ARTURO MORA: You were named co-director of the Jazz Museum
in Harlem, being your main task to expose jazz to young people.
How are you going to do this?
CHRISTIAN McBRIDE: There's a lot of different ways to do
it. I think the most effective way is by what we call the
grassroots method, just going out on the streets and kind
of talking to kids and going into the schools. While we wait
to do it the official way we just get out there on the street.
We have all kinds of free programs, so anybody off the street
can come and listen to a legendary jazz musician like Clark
Terry or Roy Haynes or Hank Jones. We have a program now called
Jazz for Curious Listeners, that's been a success. There's
a young lady named Tia Fuller, great saxophone player, who
coaches the Youth Ensemble. It's coming a bit slowly, but
I think one of the bittersweet things
about me being on the road with this band, as great as it
is, is that I'm not home much, so most of the work is done
by the other co-director. I can't be home and do my Harlem
community work, and that bothers me greatly sometimes, but
hey! I have to do what I have to do, it's what it is.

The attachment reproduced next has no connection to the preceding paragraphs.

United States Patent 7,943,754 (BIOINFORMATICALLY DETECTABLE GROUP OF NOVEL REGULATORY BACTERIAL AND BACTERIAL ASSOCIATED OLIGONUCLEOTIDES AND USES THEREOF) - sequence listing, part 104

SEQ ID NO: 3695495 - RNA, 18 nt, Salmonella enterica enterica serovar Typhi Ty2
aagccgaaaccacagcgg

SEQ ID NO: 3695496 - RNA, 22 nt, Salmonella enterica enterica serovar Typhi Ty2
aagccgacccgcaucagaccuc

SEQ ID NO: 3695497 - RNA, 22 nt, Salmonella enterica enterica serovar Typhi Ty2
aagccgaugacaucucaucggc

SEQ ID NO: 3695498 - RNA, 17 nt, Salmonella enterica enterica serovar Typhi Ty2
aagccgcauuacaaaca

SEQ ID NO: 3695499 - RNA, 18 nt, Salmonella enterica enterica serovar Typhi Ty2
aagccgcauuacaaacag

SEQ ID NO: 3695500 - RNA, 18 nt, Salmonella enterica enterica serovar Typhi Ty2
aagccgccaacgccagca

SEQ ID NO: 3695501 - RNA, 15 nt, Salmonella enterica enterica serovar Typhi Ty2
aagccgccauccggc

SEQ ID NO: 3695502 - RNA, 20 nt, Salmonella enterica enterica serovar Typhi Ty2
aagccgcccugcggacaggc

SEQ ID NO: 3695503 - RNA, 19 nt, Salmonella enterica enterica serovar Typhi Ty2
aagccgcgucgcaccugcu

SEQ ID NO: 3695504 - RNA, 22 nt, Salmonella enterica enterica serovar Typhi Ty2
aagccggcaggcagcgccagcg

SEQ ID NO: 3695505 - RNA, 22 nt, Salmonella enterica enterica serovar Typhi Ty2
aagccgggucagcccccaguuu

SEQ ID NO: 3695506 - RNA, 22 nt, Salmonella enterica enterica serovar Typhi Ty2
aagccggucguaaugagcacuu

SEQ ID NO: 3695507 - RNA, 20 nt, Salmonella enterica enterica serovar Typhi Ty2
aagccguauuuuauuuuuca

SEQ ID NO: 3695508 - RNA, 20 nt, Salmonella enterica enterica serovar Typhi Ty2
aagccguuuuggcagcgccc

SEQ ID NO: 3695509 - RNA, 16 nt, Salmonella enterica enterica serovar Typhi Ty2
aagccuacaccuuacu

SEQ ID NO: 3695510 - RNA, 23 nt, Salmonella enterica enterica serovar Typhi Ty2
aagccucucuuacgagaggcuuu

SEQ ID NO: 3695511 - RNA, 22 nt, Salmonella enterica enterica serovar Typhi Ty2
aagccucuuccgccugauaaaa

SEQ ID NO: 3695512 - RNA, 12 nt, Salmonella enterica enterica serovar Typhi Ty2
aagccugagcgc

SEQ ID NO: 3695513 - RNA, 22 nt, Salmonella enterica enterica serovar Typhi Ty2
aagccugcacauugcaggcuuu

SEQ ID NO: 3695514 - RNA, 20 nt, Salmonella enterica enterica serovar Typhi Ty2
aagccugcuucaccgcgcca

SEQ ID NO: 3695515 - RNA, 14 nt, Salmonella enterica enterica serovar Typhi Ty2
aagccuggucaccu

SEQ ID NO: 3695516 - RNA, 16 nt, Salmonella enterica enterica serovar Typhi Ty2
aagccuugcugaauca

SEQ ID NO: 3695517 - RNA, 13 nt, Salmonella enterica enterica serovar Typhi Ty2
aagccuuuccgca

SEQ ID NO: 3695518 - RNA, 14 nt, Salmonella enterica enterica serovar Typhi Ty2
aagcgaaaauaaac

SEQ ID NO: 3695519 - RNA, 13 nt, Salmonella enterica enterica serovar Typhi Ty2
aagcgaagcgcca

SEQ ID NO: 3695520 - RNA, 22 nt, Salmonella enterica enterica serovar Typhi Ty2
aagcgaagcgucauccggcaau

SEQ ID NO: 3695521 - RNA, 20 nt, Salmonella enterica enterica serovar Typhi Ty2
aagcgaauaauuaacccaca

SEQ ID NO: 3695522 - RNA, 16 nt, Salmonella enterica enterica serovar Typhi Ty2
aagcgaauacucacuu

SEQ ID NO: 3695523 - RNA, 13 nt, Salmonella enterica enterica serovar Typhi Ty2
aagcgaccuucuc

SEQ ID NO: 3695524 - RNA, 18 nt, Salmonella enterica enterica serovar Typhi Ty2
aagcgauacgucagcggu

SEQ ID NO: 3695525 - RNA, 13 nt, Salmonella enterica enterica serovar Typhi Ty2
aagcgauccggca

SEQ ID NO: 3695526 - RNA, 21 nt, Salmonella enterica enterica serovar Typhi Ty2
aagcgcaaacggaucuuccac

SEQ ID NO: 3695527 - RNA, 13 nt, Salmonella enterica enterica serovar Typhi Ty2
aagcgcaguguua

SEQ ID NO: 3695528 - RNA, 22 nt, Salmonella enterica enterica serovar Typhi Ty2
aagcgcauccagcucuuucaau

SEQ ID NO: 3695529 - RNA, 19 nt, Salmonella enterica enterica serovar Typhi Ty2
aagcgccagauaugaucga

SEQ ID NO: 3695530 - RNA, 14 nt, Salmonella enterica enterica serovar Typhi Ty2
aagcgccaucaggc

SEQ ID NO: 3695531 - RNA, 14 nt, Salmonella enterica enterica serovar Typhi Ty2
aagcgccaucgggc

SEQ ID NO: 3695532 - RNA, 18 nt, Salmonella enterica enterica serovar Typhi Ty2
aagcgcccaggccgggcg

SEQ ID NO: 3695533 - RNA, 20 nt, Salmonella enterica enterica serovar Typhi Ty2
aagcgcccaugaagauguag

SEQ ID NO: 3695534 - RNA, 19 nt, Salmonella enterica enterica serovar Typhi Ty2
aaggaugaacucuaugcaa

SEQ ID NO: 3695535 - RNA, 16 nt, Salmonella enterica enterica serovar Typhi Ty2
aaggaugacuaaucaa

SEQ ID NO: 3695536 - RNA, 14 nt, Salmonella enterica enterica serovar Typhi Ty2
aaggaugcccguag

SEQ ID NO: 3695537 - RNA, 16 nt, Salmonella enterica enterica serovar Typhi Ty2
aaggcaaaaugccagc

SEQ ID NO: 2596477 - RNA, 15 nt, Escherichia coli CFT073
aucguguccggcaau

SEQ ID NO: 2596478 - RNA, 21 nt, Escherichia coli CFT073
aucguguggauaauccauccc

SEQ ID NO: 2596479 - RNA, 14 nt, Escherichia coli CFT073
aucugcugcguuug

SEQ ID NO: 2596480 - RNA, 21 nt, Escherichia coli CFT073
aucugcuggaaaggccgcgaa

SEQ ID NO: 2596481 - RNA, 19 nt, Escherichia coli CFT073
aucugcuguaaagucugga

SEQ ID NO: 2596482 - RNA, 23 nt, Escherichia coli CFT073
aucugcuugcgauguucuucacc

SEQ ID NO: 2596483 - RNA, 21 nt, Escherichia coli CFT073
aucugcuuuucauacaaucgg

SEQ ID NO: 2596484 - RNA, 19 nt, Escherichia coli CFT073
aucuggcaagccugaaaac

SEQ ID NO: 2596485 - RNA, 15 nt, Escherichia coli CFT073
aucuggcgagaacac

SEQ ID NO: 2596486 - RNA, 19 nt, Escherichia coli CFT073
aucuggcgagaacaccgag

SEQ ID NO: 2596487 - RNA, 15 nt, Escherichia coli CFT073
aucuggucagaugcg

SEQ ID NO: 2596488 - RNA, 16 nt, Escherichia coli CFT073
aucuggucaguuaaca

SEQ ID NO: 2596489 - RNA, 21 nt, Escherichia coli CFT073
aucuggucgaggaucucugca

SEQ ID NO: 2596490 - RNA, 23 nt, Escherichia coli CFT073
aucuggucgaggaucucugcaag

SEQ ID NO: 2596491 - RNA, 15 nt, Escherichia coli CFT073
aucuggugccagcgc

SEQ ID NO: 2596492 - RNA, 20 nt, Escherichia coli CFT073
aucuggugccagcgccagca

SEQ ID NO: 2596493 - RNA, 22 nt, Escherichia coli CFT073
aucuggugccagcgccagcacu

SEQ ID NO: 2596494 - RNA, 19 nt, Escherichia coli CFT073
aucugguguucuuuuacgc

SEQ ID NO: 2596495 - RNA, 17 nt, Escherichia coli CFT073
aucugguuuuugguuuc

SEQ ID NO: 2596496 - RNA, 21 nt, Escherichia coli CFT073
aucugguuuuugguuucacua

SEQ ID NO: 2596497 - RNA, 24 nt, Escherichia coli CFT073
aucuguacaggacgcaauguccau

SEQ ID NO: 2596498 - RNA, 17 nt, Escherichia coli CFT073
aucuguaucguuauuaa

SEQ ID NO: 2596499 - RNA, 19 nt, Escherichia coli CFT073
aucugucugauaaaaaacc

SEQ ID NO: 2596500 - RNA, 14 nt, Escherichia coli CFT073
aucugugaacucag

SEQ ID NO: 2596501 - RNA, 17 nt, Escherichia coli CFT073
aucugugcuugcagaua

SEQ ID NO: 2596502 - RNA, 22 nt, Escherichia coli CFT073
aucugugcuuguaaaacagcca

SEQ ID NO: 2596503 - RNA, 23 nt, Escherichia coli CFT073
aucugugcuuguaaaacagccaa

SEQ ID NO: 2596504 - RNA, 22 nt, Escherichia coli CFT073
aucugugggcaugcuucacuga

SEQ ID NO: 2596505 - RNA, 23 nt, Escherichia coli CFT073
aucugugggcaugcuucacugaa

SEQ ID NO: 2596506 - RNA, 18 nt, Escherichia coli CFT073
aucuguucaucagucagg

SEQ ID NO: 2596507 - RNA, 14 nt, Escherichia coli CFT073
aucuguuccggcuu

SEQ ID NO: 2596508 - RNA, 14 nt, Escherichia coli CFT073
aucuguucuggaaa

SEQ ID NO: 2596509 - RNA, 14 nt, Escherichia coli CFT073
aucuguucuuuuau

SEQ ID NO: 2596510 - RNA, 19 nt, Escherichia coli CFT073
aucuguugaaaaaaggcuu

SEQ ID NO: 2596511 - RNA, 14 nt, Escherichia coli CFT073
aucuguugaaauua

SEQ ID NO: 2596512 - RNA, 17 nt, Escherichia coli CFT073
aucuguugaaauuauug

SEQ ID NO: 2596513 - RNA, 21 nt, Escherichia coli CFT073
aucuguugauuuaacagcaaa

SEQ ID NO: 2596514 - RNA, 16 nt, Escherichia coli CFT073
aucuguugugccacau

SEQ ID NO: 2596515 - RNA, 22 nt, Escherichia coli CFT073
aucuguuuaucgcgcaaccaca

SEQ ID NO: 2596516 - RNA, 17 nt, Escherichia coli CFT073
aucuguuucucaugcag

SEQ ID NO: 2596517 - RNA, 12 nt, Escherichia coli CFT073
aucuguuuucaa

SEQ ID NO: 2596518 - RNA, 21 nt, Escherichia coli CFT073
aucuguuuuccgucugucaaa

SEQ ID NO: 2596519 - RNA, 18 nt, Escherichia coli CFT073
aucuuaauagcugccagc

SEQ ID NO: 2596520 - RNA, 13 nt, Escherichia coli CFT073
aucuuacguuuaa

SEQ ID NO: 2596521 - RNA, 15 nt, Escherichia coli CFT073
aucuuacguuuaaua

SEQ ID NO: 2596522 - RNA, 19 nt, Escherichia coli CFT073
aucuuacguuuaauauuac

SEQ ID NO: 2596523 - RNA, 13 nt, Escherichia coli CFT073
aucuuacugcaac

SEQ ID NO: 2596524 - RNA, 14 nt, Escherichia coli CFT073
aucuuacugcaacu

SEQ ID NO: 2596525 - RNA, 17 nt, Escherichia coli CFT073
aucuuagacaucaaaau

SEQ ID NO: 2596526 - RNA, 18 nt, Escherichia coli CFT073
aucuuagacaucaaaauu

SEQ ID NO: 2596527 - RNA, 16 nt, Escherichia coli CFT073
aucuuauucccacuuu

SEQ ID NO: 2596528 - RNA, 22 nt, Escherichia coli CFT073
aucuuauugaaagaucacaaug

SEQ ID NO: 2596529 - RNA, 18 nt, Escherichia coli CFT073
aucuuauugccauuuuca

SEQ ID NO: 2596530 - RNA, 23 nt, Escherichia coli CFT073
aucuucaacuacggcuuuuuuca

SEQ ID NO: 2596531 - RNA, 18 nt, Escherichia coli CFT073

ARTURO MORA: Great. I'd like to talk a bit about your gear.
Are you still using Bertha? (3)
CHRISTIAN McBRIDE: No, that's Minnie.
ARTURO MORA: What happened to Bertha?
CHRISTIAN McBRIDE: She's home, relaxing (laughs).
ARTURO MORA: You're not travelling with her.
CHRISTIAN McBRIDE: No, she's too big.
ARTURO MORA: Which strings and pick-up are you using for
CHRISTIAN McBRIDE: Same things always: D'Addario Hybrid strings,
David Gage Realist pickup and an AMT microphone.
ARTURO MORA: What luthier do you use to work with for the
CHRISTIAN McBRIDE: David Gage.
ARTURO MORA: The one who repaired Bertha?
CHRISTIAN McBRIDE: Yes.
ARTURO MORA: Why do you use French bow instead of German
CHRISTIAN McBRIDE: These were the only kinds of bows they
ARTURO MORA: Like everyone, then [laughs]. You've created
a great fan communication through your website (http://www.christianmcbride.com),